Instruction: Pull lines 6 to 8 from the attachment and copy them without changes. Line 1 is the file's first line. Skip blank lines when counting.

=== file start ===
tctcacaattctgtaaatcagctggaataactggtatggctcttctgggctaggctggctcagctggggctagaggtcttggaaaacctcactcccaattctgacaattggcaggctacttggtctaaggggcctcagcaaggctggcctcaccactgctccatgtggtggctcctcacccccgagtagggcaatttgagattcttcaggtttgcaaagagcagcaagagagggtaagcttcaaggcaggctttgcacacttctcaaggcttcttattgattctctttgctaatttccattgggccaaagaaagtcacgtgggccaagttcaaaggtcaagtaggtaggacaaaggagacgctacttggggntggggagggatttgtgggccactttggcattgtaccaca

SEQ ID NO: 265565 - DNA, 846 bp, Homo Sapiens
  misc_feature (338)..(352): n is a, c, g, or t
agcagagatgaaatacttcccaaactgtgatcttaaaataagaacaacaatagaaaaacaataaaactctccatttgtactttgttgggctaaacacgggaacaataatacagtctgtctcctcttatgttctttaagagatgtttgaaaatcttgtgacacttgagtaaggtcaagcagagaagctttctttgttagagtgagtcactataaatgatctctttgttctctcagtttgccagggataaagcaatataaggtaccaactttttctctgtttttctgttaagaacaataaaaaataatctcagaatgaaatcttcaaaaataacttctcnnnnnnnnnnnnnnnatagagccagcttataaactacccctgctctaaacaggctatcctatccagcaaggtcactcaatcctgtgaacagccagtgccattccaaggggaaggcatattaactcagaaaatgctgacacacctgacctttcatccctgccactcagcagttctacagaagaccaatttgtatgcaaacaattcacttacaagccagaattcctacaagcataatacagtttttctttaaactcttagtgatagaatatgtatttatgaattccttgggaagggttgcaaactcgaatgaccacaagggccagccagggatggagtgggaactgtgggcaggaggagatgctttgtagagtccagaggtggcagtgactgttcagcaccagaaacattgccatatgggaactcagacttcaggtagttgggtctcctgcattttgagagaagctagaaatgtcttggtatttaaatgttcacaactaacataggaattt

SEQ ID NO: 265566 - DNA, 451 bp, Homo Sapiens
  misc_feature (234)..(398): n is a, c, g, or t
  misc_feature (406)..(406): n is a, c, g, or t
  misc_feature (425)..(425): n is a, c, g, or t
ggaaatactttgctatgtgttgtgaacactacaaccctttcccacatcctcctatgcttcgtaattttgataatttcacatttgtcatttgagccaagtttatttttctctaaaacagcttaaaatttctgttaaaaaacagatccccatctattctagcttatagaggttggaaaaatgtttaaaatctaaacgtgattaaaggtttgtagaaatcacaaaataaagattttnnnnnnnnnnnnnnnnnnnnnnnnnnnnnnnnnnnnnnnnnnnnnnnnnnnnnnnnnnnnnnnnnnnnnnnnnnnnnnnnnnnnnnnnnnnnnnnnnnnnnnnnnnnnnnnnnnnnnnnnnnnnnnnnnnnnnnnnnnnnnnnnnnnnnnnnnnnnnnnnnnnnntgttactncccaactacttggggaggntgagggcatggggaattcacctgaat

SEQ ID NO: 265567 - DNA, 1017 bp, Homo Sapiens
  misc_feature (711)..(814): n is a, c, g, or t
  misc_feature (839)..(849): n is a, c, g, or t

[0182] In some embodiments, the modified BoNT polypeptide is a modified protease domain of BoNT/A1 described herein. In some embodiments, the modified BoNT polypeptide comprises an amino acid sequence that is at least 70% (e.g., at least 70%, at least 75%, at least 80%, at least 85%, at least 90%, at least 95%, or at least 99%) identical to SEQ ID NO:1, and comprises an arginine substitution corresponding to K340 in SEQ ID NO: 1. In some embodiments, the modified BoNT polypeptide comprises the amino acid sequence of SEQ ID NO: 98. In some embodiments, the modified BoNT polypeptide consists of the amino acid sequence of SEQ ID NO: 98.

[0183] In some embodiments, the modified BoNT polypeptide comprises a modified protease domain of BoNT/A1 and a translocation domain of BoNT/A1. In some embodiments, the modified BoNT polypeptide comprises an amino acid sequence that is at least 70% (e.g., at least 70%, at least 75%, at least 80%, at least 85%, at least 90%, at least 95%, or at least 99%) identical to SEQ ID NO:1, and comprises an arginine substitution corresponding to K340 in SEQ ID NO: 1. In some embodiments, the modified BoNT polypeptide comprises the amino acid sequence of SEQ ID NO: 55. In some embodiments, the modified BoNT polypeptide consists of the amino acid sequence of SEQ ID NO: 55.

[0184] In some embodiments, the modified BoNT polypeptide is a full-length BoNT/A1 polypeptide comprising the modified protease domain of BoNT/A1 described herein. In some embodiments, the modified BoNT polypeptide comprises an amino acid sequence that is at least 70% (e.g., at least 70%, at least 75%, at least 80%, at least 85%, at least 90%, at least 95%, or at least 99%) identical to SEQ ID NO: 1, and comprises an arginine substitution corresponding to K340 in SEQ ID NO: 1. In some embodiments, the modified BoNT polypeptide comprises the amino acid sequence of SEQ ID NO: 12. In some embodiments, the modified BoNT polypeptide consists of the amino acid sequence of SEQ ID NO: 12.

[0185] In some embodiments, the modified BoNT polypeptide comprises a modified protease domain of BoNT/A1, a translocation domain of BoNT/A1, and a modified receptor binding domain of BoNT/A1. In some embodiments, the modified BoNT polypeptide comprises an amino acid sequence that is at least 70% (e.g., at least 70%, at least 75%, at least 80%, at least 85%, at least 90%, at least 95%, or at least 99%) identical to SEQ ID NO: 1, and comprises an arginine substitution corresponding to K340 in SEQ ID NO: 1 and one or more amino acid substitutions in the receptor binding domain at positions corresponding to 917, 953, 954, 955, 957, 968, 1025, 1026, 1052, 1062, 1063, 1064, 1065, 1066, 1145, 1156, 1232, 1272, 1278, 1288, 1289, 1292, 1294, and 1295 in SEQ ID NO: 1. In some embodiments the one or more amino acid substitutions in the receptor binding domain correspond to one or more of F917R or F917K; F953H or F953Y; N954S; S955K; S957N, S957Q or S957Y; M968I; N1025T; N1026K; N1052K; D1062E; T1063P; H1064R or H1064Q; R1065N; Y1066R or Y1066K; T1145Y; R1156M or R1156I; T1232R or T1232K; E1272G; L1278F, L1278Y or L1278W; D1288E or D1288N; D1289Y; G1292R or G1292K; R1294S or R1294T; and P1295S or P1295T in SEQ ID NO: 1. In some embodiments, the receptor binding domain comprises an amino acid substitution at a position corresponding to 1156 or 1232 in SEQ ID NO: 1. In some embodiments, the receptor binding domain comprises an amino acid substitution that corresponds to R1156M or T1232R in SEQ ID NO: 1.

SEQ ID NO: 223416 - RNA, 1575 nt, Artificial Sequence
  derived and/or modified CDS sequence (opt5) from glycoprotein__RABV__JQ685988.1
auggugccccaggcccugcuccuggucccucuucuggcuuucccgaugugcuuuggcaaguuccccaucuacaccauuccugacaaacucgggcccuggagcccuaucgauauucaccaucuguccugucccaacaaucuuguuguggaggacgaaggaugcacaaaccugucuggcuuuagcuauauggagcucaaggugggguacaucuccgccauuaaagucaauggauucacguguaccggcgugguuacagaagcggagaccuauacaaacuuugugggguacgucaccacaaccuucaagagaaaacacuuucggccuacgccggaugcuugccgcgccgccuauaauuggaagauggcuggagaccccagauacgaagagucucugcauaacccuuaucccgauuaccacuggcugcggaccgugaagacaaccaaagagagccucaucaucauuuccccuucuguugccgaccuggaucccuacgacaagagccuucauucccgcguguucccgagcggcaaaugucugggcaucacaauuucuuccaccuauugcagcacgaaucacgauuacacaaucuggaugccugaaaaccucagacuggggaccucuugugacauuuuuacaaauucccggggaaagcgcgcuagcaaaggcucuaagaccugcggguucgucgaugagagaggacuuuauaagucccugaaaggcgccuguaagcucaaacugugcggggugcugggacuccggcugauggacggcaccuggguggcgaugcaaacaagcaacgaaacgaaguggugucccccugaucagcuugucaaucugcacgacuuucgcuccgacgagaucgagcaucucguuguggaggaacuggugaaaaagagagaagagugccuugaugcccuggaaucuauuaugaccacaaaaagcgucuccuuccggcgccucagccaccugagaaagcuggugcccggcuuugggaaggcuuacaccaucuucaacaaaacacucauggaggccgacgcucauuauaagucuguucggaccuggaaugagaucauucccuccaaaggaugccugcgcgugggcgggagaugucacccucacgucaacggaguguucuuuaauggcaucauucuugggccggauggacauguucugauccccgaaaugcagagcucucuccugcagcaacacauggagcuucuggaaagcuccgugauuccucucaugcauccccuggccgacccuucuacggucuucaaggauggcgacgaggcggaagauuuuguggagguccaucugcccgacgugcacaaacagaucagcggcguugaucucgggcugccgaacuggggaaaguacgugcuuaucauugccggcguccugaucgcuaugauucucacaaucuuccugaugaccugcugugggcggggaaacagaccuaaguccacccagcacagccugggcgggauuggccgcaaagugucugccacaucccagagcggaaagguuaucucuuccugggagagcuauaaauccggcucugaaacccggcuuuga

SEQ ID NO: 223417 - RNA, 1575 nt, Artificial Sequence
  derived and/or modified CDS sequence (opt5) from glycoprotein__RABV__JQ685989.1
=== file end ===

  misc_feature (234)..(398): n is a, c, g, or t
  misc_feature (406)..(406): n is a, c, g, or t
  misc_feature (425)..(425): n is a, c, g, or t